Hi Kate. I have spent the last six years building our internal marketing team from scratch. Some of the people I hired were completely new to marketing, whereas others already had experience under their belt. Over the last six years we’ve become a really close-knit team; we work well together, we know each other inside out, and the company has really invested in us as a new department within the business. However, over the last 18 months or so – all post-Covid – we have had a few people hand in their resignations, and they’ve moved on to new jobs. It’s really hard not to take it personally when my team members are leaving. Have I done something wrong?
I’m sorry to hear you’re blaming yourself for your team members leaving, Sam. It’s completely understandable why you’d think that way, given that you built the team yourself and you’ve all become so close as a result. Putting six years of work into a team that you’re proud of and that delivers great results for your business is so rewarding, so when team members move on it’s completely normal to feel a bit uneasy about it to begin with.
The thing a lot of business owners, department leads and hiring managers don’t realise is that it’s just as important to allow people to leave as it is to help them stay – this is all part of leadership. Despite having built the team yourself, there are so many reasons why your employees might be choosing to move on to something else, and the likelihood is that this has absolutely nothing to do with you as a manager.
My first question to you would be – have you (or someone from HR) conducted exit interviews for each person who has left? If so, what was the general consensus in terms of why they were choosing to move on? Exit interviews are so important, and we always encourage organisations we work with to prioritise exit interviews in order to improve their hiring processes going forward. If there are ever any specific or recurring issues brought up in exit interviews, these need to be addressed and resolved as soon as possible.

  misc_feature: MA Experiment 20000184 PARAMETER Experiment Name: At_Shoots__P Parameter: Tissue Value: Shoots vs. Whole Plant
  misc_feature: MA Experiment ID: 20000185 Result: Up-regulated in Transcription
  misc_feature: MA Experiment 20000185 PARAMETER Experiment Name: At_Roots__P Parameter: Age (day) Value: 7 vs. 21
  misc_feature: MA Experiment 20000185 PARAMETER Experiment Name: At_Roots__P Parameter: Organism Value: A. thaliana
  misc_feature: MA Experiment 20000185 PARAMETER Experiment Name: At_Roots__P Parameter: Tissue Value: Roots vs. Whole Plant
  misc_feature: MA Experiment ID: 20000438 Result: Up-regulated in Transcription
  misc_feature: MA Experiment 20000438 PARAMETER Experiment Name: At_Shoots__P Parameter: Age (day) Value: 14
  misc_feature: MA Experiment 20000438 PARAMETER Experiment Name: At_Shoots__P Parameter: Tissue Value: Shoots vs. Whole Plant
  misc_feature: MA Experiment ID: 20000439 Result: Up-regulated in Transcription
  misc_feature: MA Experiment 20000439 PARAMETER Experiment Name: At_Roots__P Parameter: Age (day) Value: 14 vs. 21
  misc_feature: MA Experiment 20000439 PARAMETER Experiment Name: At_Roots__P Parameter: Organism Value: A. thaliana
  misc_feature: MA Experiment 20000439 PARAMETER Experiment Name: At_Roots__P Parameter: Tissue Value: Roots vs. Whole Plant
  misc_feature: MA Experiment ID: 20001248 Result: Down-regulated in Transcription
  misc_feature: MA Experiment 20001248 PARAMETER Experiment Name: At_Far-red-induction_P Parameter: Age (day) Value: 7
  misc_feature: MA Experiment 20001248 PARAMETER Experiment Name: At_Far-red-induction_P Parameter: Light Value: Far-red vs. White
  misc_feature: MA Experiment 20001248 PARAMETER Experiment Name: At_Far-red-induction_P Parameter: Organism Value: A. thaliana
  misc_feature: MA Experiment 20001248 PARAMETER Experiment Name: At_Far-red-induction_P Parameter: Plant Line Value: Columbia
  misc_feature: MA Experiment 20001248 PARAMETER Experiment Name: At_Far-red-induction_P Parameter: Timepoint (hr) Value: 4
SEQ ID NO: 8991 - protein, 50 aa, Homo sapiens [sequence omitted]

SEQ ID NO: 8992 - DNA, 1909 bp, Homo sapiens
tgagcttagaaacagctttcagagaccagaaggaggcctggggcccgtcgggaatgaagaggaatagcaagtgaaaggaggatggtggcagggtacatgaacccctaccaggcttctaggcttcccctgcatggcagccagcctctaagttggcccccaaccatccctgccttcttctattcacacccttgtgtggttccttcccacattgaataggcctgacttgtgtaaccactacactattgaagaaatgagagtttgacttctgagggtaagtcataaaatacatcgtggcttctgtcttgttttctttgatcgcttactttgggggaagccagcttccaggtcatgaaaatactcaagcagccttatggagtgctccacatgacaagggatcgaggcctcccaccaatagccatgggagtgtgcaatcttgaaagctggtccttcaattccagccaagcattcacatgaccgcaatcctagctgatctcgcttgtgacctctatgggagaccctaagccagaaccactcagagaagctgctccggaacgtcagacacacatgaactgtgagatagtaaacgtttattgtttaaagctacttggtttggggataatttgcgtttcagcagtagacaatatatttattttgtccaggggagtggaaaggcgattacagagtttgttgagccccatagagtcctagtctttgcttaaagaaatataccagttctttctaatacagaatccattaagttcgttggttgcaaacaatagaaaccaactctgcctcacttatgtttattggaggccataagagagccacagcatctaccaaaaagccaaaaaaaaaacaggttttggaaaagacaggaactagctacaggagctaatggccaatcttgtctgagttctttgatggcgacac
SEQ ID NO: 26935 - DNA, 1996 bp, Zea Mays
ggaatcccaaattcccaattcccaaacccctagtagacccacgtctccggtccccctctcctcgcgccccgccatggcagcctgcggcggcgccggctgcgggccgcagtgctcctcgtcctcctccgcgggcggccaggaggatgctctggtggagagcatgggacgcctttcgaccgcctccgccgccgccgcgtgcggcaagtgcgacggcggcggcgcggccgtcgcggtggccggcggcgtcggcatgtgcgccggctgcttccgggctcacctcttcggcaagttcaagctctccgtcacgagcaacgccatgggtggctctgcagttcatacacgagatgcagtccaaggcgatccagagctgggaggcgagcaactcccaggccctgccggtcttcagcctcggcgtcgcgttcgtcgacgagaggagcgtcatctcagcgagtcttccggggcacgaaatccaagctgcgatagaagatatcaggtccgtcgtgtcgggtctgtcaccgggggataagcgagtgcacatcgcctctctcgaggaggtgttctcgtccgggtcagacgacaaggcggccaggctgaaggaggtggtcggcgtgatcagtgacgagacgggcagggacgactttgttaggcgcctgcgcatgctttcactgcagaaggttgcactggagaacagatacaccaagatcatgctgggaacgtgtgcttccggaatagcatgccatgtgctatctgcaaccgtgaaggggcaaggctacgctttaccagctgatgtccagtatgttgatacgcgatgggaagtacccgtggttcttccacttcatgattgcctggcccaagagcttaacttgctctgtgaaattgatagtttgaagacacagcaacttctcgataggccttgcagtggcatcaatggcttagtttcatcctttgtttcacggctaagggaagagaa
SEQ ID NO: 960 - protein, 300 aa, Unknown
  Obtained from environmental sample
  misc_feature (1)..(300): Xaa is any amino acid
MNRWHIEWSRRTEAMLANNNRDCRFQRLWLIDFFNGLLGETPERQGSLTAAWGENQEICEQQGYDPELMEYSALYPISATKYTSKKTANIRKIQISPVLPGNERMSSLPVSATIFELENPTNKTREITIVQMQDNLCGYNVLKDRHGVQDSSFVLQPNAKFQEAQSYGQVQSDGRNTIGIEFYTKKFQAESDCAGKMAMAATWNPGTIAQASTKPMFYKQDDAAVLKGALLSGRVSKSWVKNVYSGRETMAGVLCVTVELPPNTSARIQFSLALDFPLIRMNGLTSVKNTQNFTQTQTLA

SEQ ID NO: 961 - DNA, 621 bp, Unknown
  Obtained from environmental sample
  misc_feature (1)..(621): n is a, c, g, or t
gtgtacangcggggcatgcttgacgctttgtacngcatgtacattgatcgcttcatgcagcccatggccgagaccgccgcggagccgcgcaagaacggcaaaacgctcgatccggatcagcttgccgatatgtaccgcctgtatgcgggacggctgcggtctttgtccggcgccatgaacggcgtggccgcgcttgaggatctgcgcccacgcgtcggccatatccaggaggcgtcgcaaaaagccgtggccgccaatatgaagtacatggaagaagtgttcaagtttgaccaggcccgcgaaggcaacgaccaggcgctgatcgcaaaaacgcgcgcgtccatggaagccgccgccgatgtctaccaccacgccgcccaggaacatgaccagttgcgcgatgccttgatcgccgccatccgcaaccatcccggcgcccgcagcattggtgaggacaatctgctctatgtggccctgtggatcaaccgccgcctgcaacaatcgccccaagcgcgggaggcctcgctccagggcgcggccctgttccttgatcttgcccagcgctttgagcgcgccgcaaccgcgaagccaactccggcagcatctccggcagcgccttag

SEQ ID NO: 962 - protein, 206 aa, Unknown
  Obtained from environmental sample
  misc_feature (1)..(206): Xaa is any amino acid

With that being said, if your team has worked well together and there have been no obvious reasons or feedback given as to why a few people seem to be leaving in a short period of time, there are countless reasons why this might be happening. For example, your longest serving employee might want a career change, or one of the juniors might have found a particular strength in something that isn’t yet part of your product or service. Another person may have never intended to stay at your business for as long as they have, and have finally come to the point where they fancy a change.
In addition to these reasons, there are also countless other possibilities why team members might be moving on. They may want to take the marketing experience they’ve gained with you and work in a new sector, or perhaps they are taking a career break and don’t really know what’s next for them. Plus, ‘the Great Resignation’ is a real thing – so many people are changing directions in their careers post-pandemic, and the majority of the time it’s because they simply want a fresh start after a difficult couple of years.
Whatever it is, the key to answering your query about if you’ve done something wrong is to communicate with your team members. Speak to them individually when they are handing their notices in and ask if there’s anything you could have done differently, or if they have simply found a new opportunity they don’t want to miss out on, or they just feel like this particular chapter of their life is closed. It’s also important to remember that employee retention is important, but it is impossible to retain all employees forever.
The main thing to remember is that eventually, your people will outgrow your business, and when they do – you know you’ve done a good job. The whole point of leading a team is to help them become better people and good at their jobs – so good that they outgrow you! Don’t blame yourself and think it’s a bad thing. Be proud of yourself and recognise that what you built has been fantastic, you’ve helped people develop their careers, and now you have the exciting opportunity to hire some new talent.
Got a question for Kate?
If you’ve got an issue or work-related question you’d like to put to recruitment guru Kate McCarthy and her network of HR experts, email firstname.lastname@example.org with the subject line “Ask Kate”. We can’t answer every question, but we will try our best to point you in the right direction.
One of the most common questions we get asked is what is the difference between recruitment and talent acquisition. Many people think…
I’m lucky enough to have the choice between two ideal candidates for a position in my company. How do I choose between…
Gone are the days when candidates would accept the bare minimum in terms of employee benefits. Once upon a time, we were…